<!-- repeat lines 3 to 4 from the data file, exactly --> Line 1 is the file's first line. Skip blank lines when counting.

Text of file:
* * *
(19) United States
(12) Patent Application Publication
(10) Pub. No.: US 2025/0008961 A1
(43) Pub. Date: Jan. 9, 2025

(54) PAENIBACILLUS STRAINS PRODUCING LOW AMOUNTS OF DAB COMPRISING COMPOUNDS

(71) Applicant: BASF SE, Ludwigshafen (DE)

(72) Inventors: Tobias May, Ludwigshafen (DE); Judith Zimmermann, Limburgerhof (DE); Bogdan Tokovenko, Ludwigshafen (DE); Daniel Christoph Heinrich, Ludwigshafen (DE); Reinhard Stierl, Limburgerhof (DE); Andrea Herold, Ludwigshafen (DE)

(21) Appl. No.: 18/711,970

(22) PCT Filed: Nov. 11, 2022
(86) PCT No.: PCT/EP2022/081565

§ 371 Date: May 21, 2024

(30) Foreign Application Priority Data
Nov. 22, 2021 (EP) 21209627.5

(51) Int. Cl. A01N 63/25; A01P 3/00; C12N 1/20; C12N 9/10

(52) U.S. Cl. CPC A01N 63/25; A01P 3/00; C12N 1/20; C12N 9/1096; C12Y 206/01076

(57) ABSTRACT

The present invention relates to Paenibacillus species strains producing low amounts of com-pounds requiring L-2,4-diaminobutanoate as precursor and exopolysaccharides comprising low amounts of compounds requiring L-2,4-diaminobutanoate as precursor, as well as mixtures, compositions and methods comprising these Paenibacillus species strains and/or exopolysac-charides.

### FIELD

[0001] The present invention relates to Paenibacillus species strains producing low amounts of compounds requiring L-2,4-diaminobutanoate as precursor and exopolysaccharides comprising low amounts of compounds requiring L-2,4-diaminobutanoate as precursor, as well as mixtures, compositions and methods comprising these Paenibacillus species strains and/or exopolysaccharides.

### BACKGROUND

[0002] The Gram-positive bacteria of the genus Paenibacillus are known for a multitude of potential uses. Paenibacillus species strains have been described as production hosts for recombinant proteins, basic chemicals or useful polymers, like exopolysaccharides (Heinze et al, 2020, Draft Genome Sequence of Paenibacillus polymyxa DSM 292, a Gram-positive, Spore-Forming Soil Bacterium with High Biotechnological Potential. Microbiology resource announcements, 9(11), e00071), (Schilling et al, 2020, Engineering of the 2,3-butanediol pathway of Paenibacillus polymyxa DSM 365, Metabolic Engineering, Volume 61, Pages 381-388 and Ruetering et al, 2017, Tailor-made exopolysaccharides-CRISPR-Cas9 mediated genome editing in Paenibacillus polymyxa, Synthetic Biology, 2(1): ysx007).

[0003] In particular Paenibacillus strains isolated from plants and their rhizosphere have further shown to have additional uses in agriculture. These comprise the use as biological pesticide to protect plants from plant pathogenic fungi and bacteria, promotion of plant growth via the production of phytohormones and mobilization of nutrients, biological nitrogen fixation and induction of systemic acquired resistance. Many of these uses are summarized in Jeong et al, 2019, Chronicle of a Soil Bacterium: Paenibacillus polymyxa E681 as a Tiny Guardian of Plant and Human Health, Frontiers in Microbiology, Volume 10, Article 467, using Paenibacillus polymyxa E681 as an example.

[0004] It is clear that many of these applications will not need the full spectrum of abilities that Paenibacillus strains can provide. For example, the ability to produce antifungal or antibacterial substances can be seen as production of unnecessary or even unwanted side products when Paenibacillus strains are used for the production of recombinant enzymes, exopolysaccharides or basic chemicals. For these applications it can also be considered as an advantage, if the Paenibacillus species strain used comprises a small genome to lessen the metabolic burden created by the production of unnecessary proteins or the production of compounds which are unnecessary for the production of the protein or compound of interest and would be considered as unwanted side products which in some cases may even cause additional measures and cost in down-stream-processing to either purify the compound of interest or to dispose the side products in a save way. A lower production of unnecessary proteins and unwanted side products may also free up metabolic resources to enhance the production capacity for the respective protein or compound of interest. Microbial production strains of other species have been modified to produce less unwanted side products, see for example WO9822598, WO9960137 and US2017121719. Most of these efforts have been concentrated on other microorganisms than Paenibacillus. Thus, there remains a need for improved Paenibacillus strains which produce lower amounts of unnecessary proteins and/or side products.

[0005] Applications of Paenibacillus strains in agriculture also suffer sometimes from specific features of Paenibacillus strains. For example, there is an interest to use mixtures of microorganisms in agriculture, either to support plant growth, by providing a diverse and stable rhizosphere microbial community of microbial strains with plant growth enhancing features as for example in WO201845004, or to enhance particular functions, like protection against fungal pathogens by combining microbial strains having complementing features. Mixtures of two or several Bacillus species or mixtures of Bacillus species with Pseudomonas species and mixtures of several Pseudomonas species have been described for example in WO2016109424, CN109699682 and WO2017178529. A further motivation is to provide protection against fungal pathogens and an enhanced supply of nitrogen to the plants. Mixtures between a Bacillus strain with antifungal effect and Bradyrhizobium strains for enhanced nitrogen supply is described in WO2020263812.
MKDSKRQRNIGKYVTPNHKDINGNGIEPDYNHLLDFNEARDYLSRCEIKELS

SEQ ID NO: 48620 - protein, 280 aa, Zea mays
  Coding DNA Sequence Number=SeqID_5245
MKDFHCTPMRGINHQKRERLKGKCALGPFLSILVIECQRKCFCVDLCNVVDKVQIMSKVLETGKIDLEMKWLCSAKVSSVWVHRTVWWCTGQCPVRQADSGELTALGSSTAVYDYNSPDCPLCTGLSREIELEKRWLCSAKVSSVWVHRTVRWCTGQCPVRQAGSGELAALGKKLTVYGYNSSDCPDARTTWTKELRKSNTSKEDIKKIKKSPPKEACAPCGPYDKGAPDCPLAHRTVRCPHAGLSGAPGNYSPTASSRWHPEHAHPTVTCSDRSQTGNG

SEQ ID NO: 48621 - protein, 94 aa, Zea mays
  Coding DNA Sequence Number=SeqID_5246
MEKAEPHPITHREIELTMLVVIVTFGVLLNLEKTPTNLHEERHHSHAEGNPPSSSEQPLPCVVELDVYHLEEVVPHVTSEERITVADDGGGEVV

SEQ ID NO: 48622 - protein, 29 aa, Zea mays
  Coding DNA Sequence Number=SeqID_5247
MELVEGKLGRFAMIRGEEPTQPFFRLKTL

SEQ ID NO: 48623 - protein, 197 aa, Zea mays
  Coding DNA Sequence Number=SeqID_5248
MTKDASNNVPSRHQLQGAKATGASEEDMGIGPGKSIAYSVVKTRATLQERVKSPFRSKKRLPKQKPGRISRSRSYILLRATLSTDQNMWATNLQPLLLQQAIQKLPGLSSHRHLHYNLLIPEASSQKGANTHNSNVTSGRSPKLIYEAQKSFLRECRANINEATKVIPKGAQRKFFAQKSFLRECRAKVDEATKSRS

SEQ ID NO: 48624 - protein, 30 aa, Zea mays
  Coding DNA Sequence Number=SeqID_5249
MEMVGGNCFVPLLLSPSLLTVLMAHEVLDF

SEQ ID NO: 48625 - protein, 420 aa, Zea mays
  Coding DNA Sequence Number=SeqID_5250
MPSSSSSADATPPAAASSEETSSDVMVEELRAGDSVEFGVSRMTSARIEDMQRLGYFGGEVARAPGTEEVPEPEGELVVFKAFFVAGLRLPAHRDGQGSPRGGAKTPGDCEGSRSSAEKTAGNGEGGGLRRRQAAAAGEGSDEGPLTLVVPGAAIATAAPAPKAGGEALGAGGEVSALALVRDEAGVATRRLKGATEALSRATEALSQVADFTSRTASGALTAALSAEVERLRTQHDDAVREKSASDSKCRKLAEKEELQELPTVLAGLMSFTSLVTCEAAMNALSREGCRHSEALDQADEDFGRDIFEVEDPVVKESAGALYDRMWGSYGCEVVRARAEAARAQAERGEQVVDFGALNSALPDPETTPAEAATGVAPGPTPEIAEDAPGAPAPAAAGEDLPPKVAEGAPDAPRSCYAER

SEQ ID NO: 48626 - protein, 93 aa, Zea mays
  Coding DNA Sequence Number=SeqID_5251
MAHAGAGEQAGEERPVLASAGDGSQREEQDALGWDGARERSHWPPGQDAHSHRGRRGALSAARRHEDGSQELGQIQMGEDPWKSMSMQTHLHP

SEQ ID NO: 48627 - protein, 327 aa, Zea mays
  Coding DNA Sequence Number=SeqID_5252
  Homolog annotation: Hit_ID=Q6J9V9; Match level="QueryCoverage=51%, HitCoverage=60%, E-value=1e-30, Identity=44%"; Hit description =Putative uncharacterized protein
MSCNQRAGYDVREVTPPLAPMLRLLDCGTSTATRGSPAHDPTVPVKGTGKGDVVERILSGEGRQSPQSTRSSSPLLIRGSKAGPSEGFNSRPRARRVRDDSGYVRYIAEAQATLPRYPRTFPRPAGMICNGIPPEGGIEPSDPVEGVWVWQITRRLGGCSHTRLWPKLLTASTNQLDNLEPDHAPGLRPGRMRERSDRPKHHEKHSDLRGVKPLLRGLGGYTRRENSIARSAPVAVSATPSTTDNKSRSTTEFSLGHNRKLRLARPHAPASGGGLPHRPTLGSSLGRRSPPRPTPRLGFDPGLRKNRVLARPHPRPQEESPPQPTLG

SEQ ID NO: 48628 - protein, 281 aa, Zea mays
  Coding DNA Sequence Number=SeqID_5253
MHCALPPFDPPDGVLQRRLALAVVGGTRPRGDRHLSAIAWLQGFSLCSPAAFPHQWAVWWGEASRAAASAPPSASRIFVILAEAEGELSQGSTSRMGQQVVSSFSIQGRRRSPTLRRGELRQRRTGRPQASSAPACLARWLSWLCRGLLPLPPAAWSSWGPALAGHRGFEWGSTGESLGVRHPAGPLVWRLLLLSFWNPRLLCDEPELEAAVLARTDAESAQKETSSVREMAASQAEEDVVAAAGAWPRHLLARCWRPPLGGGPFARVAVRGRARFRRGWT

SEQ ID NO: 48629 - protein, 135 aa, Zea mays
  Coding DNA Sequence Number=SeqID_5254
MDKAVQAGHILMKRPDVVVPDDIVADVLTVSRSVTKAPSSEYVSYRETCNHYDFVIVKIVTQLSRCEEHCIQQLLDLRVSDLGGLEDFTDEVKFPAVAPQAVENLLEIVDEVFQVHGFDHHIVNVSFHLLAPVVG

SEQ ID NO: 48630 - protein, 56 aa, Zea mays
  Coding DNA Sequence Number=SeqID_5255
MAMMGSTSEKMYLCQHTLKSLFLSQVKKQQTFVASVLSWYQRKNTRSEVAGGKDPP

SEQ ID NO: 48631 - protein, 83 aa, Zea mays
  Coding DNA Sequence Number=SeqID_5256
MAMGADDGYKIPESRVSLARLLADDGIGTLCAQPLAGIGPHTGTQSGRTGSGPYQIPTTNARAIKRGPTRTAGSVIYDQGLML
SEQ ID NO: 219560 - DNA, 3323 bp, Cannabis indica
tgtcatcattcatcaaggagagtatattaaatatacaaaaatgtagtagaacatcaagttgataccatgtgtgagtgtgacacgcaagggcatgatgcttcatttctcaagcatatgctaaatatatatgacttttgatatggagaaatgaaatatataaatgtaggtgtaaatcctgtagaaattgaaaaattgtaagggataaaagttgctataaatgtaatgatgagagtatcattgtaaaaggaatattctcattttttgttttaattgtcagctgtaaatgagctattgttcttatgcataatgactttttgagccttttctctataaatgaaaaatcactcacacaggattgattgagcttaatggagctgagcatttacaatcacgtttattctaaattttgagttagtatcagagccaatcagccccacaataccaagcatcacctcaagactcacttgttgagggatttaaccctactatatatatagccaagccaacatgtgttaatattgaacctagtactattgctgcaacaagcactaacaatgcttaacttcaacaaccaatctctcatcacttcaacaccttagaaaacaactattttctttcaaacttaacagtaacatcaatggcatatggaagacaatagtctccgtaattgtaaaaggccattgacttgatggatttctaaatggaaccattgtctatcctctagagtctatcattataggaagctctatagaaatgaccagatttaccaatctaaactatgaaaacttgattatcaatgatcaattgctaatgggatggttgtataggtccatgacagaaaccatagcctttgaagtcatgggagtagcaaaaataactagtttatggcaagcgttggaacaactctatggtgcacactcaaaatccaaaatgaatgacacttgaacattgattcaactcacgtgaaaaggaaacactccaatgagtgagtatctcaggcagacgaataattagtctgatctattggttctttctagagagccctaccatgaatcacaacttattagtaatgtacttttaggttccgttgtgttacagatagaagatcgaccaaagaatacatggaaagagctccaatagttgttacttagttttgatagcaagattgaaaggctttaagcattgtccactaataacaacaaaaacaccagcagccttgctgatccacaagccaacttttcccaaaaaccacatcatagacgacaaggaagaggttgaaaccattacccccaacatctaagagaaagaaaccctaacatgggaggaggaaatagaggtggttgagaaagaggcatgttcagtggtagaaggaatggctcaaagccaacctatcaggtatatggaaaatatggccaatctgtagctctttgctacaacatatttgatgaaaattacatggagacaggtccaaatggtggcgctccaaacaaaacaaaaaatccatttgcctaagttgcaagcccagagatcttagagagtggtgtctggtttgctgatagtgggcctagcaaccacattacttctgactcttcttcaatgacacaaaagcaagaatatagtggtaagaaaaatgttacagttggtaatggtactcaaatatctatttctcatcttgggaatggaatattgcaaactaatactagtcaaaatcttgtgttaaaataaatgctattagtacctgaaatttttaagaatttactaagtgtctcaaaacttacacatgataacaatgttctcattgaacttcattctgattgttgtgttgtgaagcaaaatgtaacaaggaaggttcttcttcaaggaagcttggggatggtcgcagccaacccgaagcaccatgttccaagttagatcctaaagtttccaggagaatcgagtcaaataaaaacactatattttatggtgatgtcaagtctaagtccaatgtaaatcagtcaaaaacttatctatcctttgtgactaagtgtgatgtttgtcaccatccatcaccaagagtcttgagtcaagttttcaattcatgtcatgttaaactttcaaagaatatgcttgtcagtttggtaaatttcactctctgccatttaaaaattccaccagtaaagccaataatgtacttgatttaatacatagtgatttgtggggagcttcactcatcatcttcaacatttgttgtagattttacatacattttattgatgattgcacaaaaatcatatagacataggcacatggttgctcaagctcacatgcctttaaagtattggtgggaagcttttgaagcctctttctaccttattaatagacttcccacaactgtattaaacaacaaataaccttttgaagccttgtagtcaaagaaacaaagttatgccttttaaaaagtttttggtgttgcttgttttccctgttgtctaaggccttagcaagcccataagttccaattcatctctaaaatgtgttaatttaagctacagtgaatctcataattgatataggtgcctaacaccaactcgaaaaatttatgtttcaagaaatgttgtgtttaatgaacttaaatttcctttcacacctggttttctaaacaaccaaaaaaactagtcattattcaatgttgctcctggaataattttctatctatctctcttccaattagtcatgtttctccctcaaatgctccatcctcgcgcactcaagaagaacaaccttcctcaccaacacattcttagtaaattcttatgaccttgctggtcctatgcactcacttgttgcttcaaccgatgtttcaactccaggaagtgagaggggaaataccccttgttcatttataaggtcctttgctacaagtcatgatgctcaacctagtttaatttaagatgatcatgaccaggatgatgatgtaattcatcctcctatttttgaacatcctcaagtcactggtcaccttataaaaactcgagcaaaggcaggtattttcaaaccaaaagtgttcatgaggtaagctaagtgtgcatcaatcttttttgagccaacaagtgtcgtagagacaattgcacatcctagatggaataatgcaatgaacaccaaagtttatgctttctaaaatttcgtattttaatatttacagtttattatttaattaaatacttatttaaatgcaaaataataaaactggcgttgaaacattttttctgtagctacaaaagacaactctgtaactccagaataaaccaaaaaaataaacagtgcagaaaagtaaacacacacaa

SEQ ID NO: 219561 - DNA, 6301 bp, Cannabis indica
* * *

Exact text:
(10) Pub. No.: US 2025/0008961 A1
(43) Pub. Date: Jan. 9, 2025